Life habits get formed on the mission, and regular exercise has been proved to help by its release of endorphins (Editor's note: nice "Legally Blonde" vocabulary! haha), not only for current missionaries, but for all ages. And why not? We all know of the benefits from exercise and eating healthy foods.

To a question asked about his perspective of running during the most recent press conference, Elder Jones answered, "It´s just a way to live, and running has always been a hobby of mine."

And no one can argue that one. Elde Faldmo, Elder Jones, Elder Buhl, and Elder Benson, the current office workers of the running club, have seen great results.

"Working out helps me feel motivated and stay awake throughout the day," said Elder Benson, the current secretary to the president who has worked out for most of his mission. "You can always do a little more, and you get just great results."

There you have it. Working out is essential and pushes us forward in life. We´ll see if they can keep it up at such a rigorous level over the course of these next few months.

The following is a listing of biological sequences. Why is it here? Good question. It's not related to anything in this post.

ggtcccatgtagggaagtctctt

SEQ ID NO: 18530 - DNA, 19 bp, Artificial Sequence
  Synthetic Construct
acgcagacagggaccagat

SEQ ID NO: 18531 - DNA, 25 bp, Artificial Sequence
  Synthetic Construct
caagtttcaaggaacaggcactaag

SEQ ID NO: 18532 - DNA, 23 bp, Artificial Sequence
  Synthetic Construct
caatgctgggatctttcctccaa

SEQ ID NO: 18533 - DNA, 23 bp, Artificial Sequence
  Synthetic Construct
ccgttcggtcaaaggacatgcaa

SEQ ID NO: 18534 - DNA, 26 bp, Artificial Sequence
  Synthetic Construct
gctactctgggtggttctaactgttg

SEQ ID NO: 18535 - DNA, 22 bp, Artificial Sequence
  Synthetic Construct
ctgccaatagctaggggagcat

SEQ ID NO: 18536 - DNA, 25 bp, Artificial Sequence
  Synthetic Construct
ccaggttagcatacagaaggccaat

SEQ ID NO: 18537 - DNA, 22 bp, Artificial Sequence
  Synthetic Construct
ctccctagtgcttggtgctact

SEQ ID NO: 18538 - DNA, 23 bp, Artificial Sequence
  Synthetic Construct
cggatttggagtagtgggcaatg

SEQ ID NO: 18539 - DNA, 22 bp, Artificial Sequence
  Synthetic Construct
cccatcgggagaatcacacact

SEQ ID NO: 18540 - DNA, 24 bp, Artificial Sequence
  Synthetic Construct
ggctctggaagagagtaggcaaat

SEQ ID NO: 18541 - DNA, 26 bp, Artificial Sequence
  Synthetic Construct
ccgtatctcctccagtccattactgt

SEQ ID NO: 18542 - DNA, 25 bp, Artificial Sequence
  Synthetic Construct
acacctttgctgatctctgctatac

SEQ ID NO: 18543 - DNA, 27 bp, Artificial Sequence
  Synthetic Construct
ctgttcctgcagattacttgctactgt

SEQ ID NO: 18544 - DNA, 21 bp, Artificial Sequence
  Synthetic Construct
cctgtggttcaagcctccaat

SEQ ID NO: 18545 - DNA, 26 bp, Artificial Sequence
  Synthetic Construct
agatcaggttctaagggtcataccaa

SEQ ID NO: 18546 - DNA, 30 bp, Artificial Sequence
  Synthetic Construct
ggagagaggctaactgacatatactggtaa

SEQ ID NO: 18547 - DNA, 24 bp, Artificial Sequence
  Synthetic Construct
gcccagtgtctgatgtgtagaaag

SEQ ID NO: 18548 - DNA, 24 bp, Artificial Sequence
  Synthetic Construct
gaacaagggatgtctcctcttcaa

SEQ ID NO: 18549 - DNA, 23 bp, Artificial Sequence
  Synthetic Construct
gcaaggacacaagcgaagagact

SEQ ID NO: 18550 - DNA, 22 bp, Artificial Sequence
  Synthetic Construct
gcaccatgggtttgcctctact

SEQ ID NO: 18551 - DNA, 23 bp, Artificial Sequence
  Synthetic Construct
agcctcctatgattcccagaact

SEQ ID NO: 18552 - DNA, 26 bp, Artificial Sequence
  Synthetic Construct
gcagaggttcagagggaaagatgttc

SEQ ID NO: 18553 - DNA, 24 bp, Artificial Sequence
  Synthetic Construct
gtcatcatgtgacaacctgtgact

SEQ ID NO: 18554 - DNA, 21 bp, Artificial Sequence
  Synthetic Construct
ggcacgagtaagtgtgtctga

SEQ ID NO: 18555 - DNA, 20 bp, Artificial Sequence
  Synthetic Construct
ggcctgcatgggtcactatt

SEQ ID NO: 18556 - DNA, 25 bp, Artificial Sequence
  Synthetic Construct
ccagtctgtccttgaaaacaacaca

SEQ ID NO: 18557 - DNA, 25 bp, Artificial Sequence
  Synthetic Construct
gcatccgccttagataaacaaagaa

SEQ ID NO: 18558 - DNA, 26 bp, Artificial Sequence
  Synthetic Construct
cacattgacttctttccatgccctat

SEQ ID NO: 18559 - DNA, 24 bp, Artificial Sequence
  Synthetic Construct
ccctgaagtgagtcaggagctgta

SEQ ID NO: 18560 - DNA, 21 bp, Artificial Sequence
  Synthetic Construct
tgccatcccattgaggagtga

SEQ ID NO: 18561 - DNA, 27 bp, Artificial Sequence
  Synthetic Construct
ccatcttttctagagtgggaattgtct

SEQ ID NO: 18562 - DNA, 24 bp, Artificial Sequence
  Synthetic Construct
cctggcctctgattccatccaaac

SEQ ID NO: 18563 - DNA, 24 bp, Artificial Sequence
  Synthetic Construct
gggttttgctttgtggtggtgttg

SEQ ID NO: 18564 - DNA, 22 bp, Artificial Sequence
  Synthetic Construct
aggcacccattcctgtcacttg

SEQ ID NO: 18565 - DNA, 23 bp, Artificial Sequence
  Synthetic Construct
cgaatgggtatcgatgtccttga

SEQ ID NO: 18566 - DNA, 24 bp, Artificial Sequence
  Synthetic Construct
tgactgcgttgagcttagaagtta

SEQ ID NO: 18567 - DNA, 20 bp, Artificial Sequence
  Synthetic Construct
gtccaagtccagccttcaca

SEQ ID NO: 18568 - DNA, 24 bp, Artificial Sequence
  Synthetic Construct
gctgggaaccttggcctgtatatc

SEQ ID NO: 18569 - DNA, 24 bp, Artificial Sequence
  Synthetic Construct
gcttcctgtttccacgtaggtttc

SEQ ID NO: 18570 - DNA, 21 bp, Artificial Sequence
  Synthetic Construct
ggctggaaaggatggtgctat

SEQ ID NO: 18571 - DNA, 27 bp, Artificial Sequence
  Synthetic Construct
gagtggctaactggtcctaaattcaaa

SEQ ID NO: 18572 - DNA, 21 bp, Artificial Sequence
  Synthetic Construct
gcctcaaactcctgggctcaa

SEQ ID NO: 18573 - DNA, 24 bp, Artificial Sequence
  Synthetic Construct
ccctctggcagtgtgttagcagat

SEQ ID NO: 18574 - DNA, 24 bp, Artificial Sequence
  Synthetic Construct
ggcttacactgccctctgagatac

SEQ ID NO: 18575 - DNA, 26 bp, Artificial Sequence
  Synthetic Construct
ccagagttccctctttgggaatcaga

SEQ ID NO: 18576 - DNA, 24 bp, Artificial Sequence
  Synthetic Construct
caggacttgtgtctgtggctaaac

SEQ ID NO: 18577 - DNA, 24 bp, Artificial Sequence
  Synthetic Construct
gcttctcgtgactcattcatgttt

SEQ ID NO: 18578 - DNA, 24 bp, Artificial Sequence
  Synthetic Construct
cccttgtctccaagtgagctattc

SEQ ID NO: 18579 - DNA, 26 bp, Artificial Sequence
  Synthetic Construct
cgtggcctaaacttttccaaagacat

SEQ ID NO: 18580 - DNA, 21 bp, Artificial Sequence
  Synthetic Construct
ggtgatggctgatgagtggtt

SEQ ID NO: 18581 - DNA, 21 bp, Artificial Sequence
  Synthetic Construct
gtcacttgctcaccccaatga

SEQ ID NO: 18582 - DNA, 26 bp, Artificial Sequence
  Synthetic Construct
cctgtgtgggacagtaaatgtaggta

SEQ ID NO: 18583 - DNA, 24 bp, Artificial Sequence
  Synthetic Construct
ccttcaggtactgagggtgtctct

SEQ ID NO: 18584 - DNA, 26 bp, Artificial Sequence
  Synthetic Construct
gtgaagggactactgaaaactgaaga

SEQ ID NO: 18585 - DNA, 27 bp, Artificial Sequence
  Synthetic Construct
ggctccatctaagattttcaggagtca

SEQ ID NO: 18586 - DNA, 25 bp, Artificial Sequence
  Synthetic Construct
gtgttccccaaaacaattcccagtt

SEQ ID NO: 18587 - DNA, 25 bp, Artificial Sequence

4) Elder Banks has finally come off the bench! Hold on to your seats, folks, because the champion missionary from last year has already come back and will tear up the field here in a few weeks. After finally ending with his grueling back surgeries, his fitness abilities have reached their peak once again.

"I can´t wait to get back out there," he said during his first interview. "I had been on the DL for an eternity."

And we agree one hundred percent with that one. Having too many players on the DL always hurts a team, especially someone as good as Banks. With his natural abilities and renewed desire to serve, we should get knocked off our feet once again as he racks up the baptisms.

"It´s just great to have him working for us again," said President Giuliani. "The whole ordeal with the back surgery seemed to never end."